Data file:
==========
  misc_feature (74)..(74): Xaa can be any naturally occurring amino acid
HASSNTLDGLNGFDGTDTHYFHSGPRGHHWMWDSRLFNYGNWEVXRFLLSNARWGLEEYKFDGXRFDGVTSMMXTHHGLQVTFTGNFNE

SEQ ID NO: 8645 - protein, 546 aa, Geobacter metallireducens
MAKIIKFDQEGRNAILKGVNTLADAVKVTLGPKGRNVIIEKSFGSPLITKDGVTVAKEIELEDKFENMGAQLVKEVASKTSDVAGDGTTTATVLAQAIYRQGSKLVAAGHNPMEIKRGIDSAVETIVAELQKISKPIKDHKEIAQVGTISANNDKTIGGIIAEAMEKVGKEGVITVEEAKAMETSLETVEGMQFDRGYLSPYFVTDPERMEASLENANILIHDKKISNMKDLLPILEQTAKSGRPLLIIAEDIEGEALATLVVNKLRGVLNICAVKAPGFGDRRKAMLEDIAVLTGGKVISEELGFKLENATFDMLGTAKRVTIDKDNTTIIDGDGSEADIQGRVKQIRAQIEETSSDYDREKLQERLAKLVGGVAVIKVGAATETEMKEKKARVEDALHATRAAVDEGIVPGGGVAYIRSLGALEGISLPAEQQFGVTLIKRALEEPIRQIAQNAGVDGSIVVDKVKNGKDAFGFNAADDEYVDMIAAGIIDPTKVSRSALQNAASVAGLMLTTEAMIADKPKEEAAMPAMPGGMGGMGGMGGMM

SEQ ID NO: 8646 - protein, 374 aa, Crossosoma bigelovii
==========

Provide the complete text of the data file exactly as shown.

  misc_feature (74)..(74): Xaa can be any naturally occurring amino acid
HASSNTLDGLNGFDGTDTHYFHSGPRGHHWMWDSRLFNYGNWEVXRFLLSNARWGLEEYKFDGXRFDGVTSMMXTHHGLQVTFTGNFNE

SEQ ID NO: 8645 - protein, 546 aa, Geobacter metallireducens
MAKIIKFDQEGRNAILKGVNTLADAVKVTLGPKGRNVIIEKSFGSPLITKDGVTVAKEIELEDKFENMGAQLVKEVASKTSDVAGDGTTTATVLAQAIYRQGSKLVAAGHNPMEIKRGIDSAVETIVAELQKISKPIKDHKEIAQVGTISANNDKTIGGIIAEAMEKVGKEGVITVEEAKAMETSLETVEGMQFDRGYLSPYFVTDPERMEASLENANILIHDKKISNMKDLLPILEQTAKSGRPLLIIAEDIEGEALATLVVNKLRGVLNICAVKAPGFGDRRKAMLEDIAVLTGGKVISEELGFKLENATFDMLGTAKRVTIDKDNTTIIDGDGSEADIQGRVKQIRAQIEETSSDYDREKLQERLAKLVGGVAVIKVGAATETEMKEKKARVEDALHATRAAVDEGIVPGGGVAYIRSLGALEGISLPAEQQFGVTLIKRALEEPIRQIAQNAGVDGSIVVDKVKNGKDAFGFNAADDEYVDMIAAGIIDPTKVSRSALQNAASVAGLMLTTEAMIADKPKEEAAMPAMPGGMGGMGGMGGMM

SEQ ID NO: 8646 - protein, 374 aa, Crossosoma bigelovii